As they started to wheel the harpsichord out of the studio towards Number 2, I learned what they were doing, rushed down and hit the roof. Number 1 was set up for a big classical project that had already started and was continuing the next day. All the mics were in place and everything was set up as they left it, so you just couldn’t change anything like the harpsichord in the middle of it. Everything had to match up with what they did the day before in case they had to make any edits. My solution? We just moved the whole band into Number 1 and recorded the basic there using the harpsichord, acoustic guitar, tambourine, and bass. We put up fresh mics instead of using the ones that were already set up for the session, I took a note of all the EQ settings so I could reset everything, and nothing in the studio ended up being moved. One of the great things about EMI was that they had so many bloody mics that you could double them up easily. We reset everything as it was after we recorded what we needed and moved back into Number 2.

The Beatles in 1968Ziggy
David Bowie in Trident Studios

As with everything Bowie, there are lots of myths and misconceptions, and the so-called “sax section” on “Suffragette City” is certainly one of them. The fact of the matter is that it’s not a sax section at all, but a synthesizer. We thought we had finished the song but, as these things often go, it was lacking something. I’d been spending a lot of time messing with the ARP 2500 synthesizer that Trident had recently purchased and suggested we give it a try. I got the sound, and Ronno [Mick Ronson] played the part that David came up with. We were not specifically going for a sax sound and to me it sounds nothing like saxes, so it always surprises me when people tell me they thought it was a sax section. Then, of course, came the really big surprise when David told American DJ Redbeard during an interview that he played all the saxes in the song. Then again, lest we forget, we’re talking about Mr. Bowie. One can never tell if he really didn’t remember or he was just telling the interviewer what he wanted to hear.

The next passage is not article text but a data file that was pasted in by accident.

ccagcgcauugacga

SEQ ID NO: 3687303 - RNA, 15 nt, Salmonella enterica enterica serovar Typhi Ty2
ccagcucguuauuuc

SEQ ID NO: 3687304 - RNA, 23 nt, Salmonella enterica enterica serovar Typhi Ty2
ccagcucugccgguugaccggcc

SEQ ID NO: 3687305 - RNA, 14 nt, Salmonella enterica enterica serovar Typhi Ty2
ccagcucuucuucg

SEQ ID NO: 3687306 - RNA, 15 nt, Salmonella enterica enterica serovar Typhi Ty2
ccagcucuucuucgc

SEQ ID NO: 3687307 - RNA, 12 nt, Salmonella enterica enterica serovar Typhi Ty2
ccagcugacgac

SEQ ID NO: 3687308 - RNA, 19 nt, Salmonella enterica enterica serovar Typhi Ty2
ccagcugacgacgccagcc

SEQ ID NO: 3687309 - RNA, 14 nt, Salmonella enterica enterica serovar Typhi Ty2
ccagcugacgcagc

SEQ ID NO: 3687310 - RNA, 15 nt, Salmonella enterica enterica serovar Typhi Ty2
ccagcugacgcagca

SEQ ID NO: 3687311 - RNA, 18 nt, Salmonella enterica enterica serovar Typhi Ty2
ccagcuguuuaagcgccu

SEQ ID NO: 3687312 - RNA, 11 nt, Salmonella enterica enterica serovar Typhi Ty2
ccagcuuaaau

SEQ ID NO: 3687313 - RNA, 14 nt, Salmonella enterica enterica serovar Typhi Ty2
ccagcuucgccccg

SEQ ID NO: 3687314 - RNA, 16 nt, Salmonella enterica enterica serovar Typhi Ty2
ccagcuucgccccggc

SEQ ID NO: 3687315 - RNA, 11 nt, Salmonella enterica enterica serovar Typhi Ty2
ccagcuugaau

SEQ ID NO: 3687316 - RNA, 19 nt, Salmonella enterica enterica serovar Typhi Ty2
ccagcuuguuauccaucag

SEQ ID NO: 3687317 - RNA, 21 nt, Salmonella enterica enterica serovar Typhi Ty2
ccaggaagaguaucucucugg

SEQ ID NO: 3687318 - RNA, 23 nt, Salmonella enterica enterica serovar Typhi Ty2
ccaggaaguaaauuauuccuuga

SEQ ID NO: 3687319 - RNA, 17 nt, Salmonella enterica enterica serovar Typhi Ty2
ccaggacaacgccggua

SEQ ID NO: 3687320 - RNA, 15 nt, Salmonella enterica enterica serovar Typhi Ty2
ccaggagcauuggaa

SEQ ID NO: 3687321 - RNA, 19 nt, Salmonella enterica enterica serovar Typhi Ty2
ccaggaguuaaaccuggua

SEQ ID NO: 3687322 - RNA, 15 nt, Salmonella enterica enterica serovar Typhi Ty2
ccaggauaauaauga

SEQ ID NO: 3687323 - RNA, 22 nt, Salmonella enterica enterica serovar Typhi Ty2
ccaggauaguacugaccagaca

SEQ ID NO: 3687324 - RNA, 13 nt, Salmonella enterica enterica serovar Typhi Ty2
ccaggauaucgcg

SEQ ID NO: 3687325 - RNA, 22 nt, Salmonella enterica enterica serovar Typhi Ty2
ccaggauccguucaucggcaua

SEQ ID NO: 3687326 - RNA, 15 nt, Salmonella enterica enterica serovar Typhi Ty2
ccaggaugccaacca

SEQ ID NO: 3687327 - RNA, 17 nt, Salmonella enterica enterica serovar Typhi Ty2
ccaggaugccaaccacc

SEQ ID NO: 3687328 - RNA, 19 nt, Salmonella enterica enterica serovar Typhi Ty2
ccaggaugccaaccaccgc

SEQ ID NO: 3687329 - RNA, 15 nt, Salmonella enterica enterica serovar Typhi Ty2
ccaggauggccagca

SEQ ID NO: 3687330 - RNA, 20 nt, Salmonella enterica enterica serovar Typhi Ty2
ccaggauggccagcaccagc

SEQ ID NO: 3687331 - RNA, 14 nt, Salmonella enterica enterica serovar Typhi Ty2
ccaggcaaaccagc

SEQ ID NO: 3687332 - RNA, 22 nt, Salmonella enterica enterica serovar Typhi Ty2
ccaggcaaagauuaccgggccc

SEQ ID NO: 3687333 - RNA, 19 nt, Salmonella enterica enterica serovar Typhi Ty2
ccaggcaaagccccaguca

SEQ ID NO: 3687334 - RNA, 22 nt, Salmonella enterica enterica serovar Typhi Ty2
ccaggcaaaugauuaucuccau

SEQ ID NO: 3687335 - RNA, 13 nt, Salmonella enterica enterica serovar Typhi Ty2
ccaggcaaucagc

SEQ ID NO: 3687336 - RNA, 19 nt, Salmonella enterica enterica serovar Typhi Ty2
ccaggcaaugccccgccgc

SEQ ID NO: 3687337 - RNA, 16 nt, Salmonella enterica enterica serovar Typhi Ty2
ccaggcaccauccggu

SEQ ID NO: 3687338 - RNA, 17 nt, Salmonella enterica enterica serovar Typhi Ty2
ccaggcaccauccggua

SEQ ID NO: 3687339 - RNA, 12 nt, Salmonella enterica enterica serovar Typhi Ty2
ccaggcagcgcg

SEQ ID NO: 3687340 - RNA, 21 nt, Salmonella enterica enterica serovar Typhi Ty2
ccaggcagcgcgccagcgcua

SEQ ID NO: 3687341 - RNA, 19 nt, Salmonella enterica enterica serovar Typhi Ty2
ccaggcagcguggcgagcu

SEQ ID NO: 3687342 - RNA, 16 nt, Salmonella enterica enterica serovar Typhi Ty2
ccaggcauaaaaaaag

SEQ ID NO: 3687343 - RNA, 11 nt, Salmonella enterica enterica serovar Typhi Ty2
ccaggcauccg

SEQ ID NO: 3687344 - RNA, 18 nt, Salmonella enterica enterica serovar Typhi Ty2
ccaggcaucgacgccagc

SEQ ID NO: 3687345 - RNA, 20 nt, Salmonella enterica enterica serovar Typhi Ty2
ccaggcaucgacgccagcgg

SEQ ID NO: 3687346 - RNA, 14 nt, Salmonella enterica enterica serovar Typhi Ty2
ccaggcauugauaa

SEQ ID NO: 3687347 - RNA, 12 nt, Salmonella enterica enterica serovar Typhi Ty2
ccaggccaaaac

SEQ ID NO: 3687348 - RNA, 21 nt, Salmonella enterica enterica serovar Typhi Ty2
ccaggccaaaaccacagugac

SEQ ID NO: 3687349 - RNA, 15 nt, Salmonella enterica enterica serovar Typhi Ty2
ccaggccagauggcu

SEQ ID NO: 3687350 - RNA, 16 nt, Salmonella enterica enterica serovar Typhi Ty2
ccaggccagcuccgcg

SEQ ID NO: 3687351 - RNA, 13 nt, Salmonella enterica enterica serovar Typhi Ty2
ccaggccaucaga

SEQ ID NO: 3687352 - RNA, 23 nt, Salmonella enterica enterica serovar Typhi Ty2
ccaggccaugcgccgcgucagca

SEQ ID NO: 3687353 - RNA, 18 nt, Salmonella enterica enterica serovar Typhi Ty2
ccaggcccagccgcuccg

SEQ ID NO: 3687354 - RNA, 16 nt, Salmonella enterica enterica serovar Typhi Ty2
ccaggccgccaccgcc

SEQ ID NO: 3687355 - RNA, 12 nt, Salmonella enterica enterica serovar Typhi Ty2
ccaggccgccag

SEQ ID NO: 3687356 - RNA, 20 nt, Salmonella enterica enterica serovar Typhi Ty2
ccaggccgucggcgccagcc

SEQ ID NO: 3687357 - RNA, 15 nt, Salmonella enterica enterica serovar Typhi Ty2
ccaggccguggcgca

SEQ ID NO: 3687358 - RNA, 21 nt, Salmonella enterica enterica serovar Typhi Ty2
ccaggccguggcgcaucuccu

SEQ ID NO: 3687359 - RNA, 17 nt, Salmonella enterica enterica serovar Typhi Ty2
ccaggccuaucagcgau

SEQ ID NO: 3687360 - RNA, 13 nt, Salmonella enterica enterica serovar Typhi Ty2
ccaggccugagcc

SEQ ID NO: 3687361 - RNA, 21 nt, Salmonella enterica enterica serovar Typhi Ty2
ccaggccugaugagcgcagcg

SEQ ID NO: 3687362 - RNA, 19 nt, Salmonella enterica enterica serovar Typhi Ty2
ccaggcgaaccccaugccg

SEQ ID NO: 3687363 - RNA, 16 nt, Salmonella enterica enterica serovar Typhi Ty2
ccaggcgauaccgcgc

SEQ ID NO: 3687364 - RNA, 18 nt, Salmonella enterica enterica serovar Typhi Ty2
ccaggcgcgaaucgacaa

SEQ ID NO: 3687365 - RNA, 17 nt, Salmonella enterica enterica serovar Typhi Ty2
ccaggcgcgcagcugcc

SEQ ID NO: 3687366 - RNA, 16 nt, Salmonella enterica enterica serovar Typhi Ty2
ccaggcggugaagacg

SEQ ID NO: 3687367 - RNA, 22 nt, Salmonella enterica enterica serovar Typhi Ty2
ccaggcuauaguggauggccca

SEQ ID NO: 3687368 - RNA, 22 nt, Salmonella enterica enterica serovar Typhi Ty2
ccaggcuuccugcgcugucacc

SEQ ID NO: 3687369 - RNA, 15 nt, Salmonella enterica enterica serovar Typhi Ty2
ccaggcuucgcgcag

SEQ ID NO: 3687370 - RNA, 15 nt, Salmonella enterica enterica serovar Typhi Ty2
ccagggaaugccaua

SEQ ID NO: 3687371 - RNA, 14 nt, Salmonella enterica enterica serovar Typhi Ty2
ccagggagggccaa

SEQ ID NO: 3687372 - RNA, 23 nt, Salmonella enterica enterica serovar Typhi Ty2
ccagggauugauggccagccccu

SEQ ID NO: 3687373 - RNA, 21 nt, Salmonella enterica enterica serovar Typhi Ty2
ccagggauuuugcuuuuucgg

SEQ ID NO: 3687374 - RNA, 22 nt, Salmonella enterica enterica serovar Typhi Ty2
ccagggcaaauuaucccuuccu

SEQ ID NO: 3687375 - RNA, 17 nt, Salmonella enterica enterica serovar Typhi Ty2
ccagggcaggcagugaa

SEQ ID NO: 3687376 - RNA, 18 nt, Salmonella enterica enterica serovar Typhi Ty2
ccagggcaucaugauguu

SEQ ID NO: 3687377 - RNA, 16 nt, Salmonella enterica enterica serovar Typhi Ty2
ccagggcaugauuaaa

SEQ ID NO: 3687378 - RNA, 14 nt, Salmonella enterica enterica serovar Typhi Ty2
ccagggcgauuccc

Lay It Back
The Missing Persons in Chateau Recorders

The 1970s, when a mustache was a mustache:
Ken Scott at Trident Studios circa ’72. Scott’s work at Trident included records from David Bowie, the Stones, America and Mott the Hoople.
Once the 12-inch EP [Missing Persons] had been put out, it was time to finish the album [Spring Session M], so we headed back to Chateau Recorders in North Hollywood. It didn’t take us much time to record the rest of the album since we’d already gone through the songs in pre-production for the live show. In the end, it took us about three weeks of recording and another couple of weeks mixing.

Recording was unusual because more often than not, Terry [Bozzio] played the track by himself and then we’d start overdubbing from there. As he was co-writer for most of the songs, he knew exactly what he wanted to play without any help from the other bandmembers playing along. Then we would add the bass, then guitars or keyboards, depending on which was most predominant in the song, then it would be Dale [Bozzio], and then backing vocals.

By this time, Patrick O’Hearn had joined the band on bass and bass synth. Even though he was a great player, Terry would consistently tell him, “No, lay it back a bit. I want everyone to think the drums are pushing. Lay it back. Lay it back.” It was horrendous for Patrick, but he was certainly up to the task.

A perfect example of Pat’s ability was when we were overdubbing bass on “U.S. Drag.” He first laid down a Moog synthesizer bass, which didn’t quite do it for everyone. Okay, let’s try bass guitar then. Not just any bass guitar; he chose to use a fretless. Still wasn’t right. Someone suggested listening to both basses together. Crazy. How could fretless and synth basses ever sound in-tune, even if he’d heard the synth when overdubbing the bass? What we heard is what ended up on the final product, perfectly in tune and they fit the track amazingly.